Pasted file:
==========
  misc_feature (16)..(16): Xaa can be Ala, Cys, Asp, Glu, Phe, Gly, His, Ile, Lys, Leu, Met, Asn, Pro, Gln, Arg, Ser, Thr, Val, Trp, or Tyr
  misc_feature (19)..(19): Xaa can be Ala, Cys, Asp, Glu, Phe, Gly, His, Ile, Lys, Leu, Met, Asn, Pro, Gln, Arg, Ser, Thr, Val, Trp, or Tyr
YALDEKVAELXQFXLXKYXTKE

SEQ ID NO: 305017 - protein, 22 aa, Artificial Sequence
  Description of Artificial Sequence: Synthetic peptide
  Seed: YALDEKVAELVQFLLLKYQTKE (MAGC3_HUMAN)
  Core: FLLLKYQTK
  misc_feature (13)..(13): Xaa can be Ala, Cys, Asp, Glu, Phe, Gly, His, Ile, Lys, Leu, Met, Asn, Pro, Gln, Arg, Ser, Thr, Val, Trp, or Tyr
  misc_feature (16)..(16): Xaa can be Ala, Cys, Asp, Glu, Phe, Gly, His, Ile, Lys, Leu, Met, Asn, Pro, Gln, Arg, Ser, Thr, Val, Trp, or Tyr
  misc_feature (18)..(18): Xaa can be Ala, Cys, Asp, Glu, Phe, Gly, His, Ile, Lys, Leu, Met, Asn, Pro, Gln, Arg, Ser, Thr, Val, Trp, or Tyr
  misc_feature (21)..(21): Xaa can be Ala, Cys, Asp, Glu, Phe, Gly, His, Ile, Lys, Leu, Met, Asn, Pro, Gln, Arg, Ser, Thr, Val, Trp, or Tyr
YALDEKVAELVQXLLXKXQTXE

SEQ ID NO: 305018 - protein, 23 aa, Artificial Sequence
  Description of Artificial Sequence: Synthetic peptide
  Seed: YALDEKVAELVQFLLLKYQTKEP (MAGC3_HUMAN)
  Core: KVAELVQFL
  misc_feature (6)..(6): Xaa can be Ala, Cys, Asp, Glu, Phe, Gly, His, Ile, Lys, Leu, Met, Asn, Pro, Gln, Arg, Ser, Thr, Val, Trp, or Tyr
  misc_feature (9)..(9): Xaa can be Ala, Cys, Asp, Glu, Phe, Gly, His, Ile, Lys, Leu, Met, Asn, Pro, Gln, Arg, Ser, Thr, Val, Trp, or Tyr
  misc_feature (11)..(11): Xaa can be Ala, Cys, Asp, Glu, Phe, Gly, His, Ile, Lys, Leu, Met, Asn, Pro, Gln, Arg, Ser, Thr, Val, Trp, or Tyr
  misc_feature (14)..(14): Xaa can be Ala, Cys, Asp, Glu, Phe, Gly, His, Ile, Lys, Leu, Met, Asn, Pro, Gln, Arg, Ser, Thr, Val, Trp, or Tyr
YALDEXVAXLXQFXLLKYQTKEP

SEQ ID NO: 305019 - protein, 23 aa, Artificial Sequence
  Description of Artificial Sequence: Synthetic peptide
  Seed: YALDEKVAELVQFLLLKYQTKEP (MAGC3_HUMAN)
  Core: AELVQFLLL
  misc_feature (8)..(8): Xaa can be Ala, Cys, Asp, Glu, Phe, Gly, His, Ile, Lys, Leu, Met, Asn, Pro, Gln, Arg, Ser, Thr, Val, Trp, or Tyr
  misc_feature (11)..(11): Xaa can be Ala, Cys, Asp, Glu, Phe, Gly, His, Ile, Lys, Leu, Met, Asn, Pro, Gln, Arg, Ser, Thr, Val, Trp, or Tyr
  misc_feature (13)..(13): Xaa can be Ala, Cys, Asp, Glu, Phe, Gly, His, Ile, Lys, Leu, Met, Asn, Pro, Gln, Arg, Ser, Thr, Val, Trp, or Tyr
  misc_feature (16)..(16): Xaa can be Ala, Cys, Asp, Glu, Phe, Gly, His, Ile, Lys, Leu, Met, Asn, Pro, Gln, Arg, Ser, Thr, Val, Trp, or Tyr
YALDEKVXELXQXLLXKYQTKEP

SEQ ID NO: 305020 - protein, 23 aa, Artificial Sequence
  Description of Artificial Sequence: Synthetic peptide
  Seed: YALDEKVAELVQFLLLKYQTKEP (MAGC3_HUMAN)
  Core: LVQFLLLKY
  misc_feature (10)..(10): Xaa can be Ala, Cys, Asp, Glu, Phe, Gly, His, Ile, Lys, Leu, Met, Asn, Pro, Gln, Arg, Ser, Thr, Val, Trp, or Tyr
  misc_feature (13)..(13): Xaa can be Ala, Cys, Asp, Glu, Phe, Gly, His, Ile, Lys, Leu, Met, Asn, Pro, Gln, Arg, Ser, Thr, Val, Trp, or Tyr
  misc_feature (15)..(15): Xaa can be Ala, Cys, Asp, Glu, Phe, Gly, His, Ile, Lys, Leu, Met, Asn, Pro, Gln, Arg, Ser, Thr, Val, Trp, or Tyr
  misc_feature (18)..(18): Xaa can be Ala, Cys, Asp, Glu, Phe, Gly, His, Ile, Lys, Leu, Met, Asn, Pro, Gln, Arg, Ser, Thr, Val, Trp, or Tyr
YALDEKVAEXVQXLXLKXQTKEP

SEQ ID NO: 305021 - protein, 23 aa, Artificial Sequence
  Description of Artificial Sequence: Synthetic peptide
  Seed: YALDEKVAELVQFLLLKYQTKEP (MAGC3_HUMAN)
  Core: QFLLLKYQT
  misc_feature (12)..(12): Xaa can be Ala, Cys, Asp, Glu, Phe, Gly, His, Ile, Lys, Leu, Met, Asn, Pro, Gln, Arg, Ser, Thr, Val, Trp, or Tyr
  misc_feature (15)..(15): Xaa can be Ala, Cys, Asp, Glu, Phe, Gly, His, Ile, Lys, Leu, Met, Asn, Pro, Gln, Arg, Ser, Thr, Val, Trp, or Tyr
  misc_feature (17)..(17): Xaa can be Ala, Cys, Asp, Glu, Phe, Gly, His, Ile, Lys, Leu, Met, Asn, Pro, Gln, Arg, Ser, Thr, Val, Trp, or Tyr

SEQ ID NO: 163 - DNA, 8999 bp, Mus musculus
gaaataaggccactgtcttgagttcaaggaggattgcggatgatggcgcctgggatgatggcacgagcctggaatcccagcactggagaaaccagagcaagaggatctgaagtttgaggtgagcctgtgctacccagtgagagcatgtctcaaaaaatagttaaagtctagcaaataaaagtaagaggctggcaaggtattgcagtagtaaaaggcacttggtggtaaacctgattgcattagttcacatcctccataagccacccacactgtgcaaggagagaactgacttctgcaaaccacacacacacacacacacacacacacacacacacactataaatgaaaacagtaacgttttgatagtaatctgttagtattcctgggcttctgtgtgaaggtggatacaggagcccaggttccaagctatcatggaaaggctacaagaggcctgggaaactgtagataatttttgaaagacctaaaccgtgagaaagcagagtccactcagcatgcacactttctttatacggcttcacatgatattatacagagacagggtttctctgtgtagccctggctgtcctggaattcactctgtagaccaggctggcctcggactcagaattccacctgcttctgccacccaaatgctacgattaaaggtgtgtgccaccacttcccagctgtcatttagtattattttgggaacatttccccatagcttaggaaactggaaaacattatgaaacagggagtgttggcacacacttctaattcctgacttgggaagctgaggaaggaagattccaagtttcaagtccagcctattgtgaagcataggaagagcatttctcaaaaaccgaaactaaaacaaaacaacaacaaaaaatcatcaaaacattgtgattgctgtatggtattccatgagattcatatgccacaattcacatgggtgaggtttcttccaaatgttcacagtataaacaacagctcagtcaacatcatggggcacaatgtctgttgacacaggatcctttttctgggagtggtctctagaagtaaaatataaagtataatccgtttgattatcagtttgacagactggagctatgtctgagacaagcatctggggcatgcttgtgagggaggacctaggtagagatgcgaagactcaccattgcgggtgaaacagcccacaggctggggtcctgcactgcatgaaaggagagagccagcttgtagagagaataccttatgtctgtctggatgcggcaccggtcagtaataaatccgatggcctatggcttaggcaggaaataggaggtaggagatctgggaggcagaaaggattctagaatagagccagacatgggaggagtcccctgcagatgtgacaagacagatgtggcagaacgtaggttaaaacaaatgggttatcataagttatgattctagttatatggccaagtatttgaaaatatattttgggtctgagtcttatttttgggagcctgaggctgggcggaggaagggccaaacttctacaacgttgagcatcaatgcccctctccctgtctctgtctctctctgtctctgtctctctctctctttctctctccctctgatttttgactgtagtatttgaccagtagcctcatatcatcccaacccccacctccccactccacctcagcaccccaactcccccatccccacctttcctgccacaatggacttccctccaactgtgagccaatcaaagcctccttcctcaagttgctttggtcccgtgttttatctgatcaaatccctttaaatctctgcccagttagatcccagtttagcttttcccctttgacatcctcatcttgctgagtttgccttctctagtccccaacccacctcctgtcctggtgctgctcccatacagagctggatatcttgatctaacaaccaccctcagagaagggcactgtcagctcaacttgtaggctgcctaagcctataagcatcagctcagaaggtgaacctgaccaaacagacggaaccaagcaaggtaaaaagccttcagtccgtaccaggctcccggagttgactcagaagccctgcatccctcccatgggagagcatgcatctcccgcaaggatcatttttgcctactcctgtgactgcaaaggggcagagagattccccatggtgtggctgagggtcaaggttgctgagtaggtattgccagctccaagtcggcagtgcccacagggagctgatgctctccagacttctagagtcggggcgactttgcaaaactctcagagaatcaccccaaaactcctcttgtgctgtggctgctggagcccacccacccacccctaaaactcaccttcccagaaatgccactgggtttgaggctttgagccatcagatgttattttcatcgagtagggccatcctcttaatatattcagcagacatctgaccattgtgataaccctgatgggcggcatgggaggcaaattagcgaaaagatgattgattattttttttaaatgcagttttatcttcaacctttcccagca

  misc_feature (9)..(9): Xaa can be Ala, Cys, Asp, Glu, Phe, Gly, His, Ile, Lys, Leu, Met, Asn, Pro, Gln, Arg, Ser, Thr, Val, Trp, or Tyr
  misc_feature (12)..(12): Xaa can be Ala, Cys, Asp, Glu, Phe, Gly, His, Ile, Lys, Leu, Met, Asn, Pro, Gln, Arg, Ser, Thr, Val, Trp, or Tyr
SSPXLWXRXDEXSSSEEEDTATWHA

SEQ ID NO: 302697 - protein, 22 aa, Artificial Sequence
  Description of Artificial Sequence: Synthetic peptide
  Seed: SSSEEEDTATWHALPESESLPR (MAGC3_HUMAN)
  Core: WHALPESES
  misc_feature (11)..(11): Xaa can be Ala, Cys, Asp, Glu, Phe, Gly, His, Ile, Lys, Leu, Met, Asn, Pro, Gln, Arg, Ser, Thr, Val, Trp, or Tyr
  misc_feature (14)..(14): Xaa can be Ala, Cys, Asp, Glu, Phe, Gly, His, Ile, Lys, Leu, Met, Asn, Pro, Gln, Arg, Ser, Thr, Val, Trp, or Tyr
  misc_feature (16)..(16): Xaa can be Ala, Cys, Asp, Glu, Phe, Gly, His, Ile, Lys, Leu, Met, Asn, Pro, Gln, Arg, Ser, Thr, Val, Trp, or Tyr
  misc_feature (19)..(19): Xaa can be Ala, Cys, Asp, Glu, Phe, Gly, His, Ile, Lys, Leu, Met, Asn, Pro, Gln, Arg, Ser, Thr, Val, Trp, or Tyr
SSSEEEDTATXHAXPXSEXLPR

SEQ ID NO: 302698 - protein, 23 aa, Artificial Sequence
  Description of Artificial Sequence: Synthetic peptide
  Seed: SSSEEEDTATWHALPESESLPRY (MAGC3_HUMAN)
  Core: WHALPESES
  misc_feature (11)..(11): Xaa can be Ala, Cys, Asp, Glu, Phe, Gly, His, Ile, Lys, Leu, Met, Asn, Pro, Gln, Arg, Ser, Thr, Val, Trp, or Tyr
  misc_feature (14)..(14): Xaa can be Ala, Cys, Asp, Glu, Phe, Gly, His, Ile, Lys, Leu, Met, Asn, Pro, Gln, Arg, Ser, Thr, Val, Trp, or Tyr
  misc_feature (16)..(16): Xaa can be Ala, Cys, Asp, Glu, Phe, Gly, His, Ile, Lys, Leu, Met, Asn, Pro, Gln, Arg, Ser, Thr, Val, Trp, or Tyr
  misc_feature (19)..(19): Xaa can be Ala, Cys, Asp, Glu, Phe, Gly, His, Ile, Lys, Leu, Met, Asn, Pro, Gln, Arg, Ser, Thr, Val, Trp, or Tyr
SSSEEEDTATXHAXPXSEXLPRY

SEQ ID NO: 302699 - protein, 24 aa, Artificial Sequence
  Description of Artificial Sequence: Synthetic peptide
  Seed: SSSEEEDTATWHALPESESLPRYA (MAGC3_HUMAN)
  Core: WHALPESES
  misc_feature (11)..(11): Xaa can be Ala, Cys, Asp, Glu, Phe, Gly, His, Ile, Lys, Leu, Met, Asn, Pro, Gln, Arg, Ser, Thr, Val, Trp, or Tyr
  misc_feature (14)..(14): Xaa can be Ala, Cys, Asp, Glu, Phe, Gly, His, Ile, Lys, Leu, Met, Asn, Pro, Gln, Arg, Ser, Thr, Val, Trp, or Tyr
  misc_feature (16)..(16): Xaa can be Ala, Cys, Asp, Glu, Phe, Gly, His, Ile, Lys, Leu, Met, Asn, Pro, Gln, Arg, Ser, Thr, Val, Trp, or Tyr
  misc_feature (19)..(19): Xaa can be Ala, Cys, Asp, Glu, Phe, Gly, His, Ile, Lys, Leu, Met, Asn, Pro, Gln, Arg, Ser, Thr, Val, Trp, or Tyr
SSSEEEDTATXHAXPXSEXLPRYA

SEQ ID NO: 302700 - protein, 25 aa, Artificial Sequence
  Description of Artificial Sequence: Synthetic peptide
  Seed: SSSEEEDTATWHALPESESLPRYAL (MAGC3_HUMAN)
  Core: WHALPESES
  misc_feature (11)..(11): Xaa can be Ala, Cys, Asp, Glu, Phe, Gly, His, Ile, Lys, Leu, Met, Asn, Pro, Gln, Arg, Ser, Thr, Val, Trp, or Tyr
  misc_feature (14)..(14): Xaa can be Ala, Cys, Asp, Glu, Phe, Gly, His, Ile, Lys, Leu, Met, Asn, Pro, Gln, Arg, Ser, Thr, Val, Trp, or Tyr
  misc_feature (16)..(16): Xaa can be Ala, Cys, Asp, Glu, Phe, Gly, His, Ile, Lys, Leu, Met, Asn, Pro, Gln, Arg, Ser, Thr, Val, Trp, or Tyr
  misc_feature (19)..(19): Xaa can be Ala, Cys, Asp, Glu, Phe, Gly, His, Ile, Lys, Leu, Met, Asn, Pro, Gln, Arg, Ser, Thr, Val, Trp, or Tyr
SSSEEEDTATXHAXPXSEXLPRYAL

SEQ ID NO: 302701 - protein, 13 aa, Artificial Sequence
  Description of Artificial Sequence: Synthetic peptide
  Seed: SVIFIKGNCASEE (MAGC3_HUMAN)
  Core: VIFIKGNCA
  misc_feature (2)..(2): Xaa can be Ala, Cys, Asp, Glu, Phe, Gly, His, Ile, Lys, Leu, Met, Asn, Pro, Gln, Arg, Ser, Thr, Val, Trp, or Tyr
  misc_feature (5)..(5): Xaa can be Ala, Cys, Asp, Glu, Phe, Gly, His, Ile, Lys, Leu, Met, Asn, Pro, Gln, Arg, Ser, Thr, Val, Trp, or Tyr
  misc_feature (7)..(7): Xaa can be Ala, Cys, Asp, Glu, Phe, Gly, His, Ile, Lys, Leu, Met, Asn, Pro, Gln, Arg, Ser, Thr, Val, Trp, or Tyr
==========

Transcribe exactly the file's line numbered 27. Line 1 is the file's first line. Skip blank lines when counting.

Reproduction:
  misc_feature (11)..(11): Xaa can be Ala, Cys, Asp, Glu, Phe, Gly, His, Ile, Lys, Leu, Met, Asn, Pro, Gln, Arg, Ser, Thr, Val, Trp, or Tyr